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Abstract

A highstand of relative sea level occurred at 4.2 ka in Murrells Inlet on the northern coast of South Carolina. The highstand was followed by a sea-level fall of 2 m until 3.6 ka and then a slow, steady sea-level rise of 10 cm/century to the present. Although a mid-Holocene highstand has been suggested by others, it has not been well constrained.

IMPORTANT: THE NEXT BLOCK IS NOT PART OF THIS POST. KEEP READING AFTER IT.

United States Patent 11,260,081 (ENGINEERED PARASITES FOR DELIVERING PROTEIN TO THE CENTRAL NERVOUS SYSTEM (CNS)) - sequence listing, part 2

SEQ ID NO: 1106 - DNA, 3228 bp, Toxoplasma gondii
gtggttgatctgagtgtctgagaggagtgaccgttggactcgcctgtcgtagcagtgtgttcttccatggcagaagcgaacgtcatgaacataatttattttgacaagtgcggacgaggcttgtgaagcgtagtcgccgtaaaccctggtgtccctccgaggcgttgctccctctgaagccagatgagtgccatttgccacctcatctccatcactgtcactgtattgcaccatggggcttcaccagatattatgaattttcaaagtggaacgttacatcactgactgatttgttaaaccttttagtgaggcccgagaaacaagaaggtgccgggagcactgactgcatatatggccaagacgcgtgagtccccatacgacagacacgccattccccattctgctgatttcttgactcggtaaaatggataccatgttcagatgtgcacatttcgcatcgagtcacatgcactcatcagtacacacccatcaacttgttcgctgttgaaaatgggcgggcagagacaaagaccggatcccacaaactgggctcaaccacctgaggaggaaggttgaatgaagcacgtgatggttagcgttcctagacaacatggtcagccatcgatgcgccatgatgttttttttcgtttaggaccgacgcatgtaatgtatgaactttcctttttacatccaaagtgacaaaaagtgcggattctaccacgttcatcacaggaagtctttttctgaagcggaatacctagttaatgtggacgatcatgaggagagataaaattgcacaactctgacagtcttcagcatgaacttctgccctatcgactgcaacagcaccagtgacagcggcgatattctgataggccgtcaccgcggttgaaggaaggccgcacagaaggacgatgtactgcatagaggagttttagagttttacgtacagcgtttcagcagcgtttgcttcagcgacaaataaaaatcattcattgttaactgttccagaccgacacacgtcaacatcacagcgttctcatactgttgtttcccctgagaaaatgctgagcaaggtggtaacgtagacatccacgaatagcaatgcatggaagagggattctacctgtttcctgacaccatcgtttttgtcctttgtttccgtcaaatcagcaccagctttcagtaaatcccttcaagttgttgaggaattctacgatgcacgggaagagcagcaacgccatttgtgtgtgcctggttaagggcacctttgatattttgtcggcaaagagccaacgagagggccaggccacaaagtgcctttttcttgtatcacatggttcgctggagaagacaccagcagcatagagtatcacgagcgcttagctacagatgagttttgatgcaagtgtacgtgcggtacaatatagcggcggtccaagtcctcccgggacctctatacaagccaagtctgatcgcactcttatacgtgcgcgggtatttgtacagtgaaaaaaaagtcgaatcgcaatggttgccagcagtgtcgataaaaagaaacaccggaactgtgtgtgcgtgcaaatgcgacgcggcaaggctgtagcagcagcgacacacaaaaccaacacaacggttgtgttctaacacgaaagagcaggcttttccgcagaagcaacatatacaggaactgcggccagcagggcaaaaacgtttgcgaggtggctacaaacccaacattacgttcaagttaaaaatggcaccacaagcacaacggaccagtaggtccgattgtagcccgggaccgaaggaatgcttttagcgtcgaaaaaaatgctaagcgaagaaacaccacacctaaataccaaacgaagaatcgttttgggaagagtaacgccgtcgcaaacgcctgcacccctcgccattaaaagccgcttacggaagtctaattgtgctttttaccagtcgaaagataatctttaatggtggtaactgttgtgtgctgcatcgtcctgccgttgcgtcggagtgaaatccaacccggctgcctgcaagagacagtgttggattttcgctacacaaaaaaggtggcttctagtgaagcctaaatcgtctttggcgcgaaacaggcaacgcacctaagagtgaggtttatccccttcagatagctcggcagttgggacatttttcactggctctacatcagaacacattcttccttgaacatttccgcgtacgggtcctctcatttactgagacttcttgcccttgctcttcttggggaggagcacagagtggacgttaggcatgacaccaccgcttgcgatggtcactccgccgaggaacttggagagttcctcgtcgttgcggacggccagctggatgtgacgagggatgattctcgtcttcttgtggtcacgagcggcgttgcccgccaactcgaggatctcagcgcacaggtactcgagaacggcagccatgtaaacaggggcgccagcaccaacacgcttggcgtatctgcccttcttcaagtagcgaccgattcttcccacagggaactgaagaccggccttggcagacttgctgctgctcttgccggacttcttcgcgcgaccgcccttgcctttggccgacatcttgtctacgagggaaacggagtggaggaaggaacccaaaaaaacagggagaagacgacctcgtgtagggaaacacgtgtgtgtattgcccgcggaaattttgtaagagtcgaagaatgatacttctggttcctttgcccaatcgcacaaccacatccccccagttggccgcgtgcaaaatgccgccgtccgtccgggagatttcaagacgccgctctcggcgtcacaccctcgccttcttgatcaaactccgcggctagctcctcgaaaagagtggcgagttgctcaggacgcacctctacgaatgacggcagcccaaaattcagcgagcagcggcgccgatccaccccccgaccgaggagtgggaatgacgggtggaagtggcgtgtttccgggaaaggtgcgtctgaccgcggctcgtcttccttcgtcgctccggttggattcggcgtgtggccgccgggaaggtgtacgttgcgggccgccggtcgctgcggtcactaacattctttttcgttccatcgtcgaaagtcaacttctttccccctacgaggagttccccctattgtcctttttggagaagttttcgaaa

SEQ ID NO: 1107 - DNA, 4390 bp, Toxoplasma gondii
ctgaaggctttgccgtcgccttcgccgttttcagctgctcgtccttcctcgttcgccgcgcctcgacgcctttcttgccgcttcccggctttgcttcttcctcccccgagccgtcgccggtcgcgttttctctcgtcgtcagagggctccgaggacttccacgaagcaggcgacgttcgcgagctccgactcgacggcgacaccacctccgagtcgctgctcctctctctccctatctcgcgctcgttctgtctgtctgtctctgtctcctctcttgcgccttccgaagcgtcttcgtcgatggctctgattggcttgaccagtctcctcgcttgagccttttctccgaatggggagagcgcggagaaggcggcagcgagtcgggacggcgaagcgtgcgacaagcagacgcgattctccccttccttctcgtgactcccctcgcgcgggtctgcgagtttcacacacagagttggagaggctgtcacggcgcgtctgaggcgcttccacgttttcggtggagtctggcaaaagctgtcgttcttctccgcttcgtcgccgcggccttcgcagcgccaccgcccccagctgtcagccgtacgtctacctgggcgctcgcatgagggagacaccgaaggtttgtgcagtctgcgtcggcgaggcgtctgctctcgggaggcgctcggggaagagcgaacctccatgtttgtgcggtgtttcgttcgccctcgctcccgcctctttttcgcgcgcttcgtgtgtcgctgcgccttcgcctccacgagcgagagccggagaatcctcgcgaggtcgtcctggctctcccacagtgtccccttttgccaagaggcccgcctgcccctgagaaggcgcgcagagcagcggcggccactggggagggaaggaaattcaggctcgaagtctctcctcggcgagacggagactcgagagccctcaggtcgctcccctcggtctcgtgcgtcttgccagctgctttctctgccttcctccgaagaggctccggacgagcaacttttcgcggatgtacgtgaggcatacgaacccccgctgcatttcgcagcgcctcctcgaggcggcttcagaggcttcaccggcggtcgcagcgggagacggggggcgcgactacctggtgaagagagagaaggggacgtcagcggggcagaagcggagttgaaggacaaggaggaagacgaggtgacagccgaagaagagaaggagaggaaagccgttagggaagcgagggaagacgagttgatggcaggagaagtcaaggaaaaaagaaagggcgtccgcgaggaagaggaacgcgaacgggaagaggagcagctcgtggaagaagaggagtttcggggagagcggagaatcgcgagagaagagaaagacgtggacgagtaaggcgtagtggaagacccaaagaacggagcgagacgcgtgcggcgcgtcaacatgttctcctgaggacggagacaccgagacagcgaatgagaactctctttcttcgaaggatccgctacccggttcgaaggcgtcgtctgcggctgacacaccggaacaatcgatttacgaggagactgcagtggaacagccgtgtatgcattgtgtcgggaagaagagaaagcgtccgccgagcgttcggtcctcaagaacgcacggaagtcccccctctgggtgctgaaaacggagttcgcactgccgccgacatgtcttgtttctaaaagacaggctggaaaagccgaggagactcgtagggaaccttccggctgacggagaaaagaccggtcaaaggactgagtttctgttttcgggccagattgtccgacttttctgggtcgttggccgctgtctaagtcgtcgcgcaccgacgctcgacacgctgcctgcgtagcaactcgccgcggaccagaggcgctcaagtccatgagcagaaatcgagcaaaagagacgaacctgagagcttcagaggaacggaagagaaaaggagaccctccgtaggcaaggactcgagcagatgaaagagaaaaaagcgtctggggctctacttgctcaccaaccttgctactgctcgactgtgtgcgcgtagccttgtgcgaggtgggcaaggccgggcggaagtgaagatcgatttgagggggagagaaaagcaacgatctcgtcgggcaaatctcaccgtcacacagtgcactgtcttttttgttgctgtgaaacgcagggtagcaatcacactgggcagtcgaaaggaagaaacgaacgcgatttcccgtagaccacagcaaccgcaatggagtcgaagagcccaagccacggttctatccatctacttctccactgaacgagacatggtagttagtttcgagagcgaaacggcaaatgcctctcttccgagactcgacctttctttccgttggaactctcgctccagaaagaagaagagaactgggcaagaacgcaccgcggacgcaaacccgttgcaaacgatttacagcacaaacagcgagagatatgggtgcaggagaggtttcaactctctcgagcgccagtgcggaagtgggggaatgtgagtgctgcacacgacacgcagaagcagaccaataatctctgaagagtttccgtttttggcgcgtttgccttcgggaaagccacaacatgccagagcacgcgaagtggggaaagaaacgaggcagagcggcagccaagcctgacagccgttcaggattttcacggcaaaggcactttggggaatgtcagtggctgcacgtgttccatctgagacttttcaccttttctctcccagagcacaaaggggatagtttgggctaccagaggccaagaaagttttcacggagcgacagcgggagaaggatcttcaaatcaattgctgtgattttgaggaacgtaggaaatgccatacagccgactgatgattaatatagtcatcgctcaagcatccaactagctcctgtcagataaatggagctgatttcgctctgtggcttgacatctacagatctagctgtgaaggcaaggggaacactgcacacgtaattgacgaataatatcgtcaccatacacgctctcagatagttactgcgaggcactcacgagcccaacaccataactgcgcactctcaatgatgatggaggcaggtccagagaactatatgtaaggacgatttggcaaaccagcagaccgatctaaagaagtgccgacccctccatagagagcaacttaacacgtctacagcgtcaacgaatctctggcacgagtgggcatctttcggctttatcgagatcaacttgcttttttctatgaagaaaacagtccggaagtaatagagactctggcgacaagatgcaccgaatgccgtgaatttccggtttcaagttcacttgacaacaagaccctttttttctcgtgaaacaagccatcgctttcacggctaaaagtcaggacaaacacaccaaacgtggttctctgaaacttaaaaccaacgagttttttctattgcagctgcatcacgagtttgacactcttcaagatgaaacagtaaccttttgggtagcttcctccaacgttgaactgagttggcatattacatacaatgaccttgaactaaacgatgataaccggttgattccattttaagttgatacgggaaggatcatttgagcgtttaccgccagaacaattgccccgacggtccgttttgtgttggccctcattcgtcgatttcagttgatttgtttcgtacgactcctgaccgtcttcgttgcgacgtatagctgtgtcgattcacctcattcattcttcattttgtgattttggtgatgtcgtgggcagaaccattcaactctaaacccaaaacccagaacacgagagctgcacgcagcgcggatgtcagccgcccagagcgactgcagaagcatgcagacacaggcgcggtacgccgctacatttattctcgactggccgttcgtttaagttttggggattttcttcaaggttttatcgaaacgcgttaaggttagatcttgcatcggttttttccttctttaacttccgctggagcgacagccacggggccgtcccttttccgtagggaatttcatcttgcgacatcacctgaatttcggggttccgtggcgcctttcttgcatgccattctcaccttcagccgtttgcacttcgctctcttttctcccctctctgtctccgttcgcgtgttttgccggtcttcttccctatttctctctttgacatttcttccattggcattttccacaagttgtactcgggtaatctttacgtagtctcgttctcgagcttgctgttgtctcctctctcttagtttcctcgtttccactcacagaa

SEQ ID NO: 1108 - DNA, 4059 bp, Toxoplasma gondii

Strong differential submergence between Murrells Inlet and Santee Delta, South Carolina, has occurred over the last 4 ka, probably as a result of sediment loading by, and subsidence of, the Santee Delta system. The occurrence of the 4.2-ka highstand corresponds to the range (7-4 ka) of the mid-Holocene Hypsithermal. The rate and magnitude of the relative sea-level fluctuation are similar to those projected for future flooding and suggest that evaluation of the Hypsithermal highstand may provide an insight to projected greenhouse-effect-related change for the future.

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